I'm working with Google Docs and want to create a spreadsheet of the following form:

```Point A         Point B           Mileage
Los Angeles     Miami             292100
Palo Alto       San Francisco     90
```

In the spreadsheet, Mileage is automatically calculated. Is there a function in Google Spreadsheet that can do this?

I am looking for "distance driven", not "as the crow flies".

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## migrated from superuser.comJul 1 '11 at 16:57

This question came from our site for computer enthusiasts and power users.

As the distance increases, the difference between "driving distance" and "crow flight" will diminish accordingly. In any case they probably won't differ by more than a few percent. – GalacticCowboy May 12 '10 at 0:11
that seems like a pretty bold claim, cowboy. are you saying that driving from portland to atlanta is is roughly the same milage as flying? i don't think so. – Landon Kuhn Jul 11 '12 at 16:39
@pnuts agreed, and i'm not gonna defend my 4 year old comment :) – Landon Kuhn Jan 9 '15 at 21:11
Rosarch, why don't you revisit Web Applications after 4 years of absence and review all the nice answers you received on your question? – Jacob Jan Tuinstra Apr 6 '15 at 12:43

With the following little piece of code, you can retrieve the distance between two points.

## Code

``````function getDirection(city1, city2, unit) {
var directions = Maps.newDirectionFinder()
.setOrigin(city1).setDestination(city2)
.setMode(Maps.DirectionFinder.Mode.DRIVING)
.getDirections();
var d = directions.routes[0].legs[0].distance.text;

var distance, value = d.split(" ")[0].replace(",", ""), text = d.split(" ")[1];
if(text == unit) {
distance = value;
} else if(text == "km" && unit == "mi") {
distance = value / 1.6;
} else {
distance = value * 1.6;
}
return Math.round(distance);
}
``````

## Explained

The MAPs API, build on top of the Google Apps Script, will get the first direction (routes[0]) between the origin and destination. The returned value is stripped from comma's and parsed as an integer.

## Note

The distance returned can be either in kilometer or miles. I've added the calculation for "as the crow flies" as well (in miles).

Add the script under Tools>Script editor in the spreadsheet. Press the bug button in the script editor and you're on the go !!

## Example

I've created an example file for you: get driving distance

## References

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I do not think there is built in Excel function, or extension, to do this.

You might want to check out this Source Forge page: http://zips.sourceforge.net/

• It provides a CSV dataset to convert Zip Codes to Lat/Long (center point presumably)
• It provides Excel code to calculate the "crow flies" distance between two lat/long coordinates. (and includes equivalent code for Java, PHP and Python.

The Excel function is

``````=IF(SIN(Lat1) * SIN(Lat2) + COS(Lat1) * COS(Lat2) * COS(Long1 - Long2) > 1,
ACOS(SIN(Lat1) * SIN(Lat2) + COS(Lat1) * COS(Lat2) * COS(Long1-Long2)))
``````

The page notes that the angles have to be in Radians and that Excel has a degrees to Radians conversion function:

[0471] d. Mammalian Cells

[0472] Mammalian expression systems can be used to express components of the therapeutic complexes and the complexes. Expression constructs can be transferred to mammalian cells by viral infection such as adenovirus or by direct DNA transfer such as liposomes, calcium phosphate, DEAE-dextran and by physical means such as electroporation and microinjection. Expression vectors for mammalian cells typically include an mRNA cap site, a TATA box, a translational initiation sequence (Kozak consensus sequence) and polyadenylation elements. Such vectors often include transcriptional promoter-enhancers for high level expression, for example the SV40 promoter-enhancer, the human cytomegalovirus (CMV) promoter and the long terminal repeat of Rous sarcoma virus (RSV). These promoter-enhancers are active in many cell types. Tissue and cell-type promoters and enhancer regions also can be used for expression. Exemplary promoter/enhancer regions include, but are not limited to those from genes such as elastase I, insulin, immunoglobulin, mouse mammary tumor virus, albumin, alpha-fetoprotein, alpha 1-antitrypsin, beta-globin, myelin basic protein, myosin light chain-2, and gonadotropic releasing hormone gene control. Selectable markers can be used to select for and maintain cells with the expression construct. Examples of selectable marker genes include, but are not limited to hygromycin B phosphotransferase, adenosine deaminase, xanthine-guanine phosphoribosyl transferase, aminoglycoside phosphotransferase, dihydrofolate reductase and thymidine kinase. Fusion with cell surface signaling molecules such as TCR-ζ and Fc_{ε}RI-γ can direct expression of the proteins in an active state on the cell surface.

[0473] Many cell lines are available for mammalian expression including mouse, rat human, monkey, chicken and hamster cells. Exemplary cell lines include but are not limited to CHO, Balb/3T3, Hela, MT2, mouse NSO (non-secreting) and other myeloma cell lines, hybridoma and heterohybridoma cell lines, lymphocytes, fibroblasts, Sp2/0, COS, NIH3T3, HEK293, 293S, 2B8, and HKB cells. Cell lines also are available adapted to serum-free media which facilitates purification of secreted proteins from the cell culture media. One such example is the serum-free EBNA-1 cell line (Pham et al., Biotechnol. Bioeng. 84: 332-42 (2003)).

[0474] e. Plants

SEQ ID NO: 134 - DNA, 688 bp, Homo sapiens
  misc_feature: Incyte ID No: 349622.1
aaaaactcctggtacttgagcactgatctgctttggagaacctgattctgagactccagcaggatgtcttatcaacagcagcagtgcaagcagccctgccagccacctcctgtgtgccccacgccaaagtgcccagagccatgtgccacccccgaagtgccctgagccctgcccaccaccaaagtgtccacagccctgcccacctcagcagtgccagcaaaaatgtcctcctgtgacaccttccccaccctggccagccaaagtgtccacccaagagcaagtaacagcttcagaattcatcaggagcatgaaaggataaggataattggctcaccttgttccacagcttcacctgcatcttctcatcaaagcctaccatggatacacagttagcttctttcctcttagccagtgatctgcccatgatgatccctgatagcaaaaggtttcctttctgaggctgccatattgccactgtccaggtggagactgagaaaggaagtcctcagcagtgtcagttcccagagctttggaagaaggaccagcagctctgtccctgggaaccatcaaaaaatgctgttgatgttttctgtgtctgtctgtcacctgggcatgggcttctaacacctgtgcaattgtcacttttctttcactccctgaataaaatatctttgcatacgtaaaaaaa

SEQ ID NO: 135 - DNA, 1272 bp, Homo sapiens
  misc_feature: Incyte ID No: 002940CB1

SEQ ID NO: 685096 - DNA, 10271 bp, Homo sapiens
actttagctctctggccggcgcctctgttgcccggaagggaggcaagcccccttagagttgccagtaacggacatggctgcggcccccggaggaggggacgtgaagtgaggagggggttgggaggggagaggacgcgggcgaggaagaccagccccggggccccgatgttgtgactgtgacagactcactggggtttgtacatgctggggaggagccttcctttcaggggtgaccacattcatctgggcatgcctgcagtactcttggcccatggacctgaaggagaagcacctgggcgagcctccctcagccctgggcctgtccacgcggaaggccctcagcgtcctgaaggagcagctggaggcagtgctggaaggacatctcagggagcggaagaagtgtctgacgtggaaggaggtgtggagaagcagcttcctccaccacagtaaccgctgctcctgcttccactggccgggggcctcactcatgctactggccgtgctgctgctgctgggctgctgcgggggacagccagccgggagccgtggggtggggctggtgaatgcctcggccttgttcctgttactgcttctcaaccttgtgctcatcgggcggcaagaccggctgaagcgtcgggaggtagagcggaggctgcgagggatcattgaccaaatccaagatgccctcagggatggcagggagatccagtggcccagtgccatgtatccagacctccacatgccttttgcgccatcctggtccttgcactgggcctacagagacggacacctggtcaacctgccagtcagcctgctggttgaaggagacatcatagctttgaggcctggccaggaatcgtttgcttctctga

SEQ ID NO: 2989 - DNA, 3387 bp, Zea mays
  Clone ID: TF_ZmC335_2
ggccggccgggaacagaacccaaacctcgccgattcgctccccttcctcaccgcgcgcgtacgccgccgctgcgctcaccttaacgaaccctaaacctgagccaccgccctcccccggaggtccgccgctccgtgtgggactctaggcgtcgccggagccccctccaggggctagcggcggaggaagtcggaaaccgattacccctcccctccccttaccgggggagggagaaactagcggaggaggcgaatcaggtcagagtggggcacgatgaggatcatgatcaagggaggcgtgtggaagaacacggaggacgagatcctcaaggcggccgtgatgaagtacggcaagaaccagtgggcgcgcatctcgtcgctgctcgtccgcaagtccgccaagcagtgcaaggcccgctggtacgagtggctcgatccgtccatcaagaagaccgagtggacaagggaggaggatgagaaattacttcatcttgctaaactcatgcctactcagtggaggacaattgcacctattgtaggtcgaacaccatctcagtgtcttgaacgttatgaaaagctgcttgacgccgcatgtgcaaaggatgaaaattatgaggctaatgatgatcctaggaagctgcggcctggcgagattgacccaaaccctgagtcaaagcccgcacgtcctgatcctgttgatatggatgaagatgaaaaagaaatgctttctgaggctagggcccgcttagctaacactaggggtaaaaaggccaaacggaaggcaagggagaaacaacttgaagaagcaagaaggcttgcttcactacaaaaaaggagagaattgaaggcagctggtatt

``````=RADIAN(degrees)
``````

Unless someone else has a slicker answer, this should get you what you want without too much work.

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yes, but what about distance driven instead of "as the crow flies"? – Rosarch Oct 18 '09 at 16:08
That is considerable more difficult and would require knowledge of all roadways, as is done in Mapquest, Google Earth, Streets&Trips(or MapPoint). I don't know if any of these apps have a suitable API. – Kije Oct 18 '09 at 18:30
... on the other hand, if you were looking for a rough and ready approximation for a fairly limited number of cities, you could look for the driving distance tables that are fairly common in driving maps and atlases. Replicating that style of data in Excel and constructing a lookup to retrieve it for pairs of locations is certainly feasible in Excel. If that appeals, reply and I will could work up a function for it. – Kije Oct 18 '09 at 18:34
OP uses Google Spreadsheets. – Jacob Jan Tuinstra Jul 1 '13 at 17:53
+1 because of the interesting formula, however I think using this is probably impractical. – nbolton Nov 4 '14 at 13:42

``````=importXML("http://mapquestapi.com/directions/v1/route?
key=YOUR_KEY_HERE&outFormat=xml&from=" & A2 & "&to="
& B2,"//response/route/distance")
``````

where `A2` is the origin and `B2` is the destination.

You have to get an API key from mapquest and replace the value `YOUR_KEY_HERE` with it.

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How do you get the API key? – Jacob Jan Tuinstra Jul 1 '13 at 17:46
@JacobJanTuinstra developer.mapquest.com – Neil McGuigan Jul 1 '13 at 19:18
Neil, your alive !! Thanks for sharing that. – Jacob Jan Tuinstra Jul 1 '13 at 19:21
+1 Apparently elegant solution, however MapQuest is a little lousy. I got this error when trying to use the key I was given: "This key is not authorized for this service. If you do not have a key, you can obtain a free key by registering at developer.mapquest.com."; – nbolton Nov 4 '14 at 13:49

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You can write the functions on your own which is similar like macro's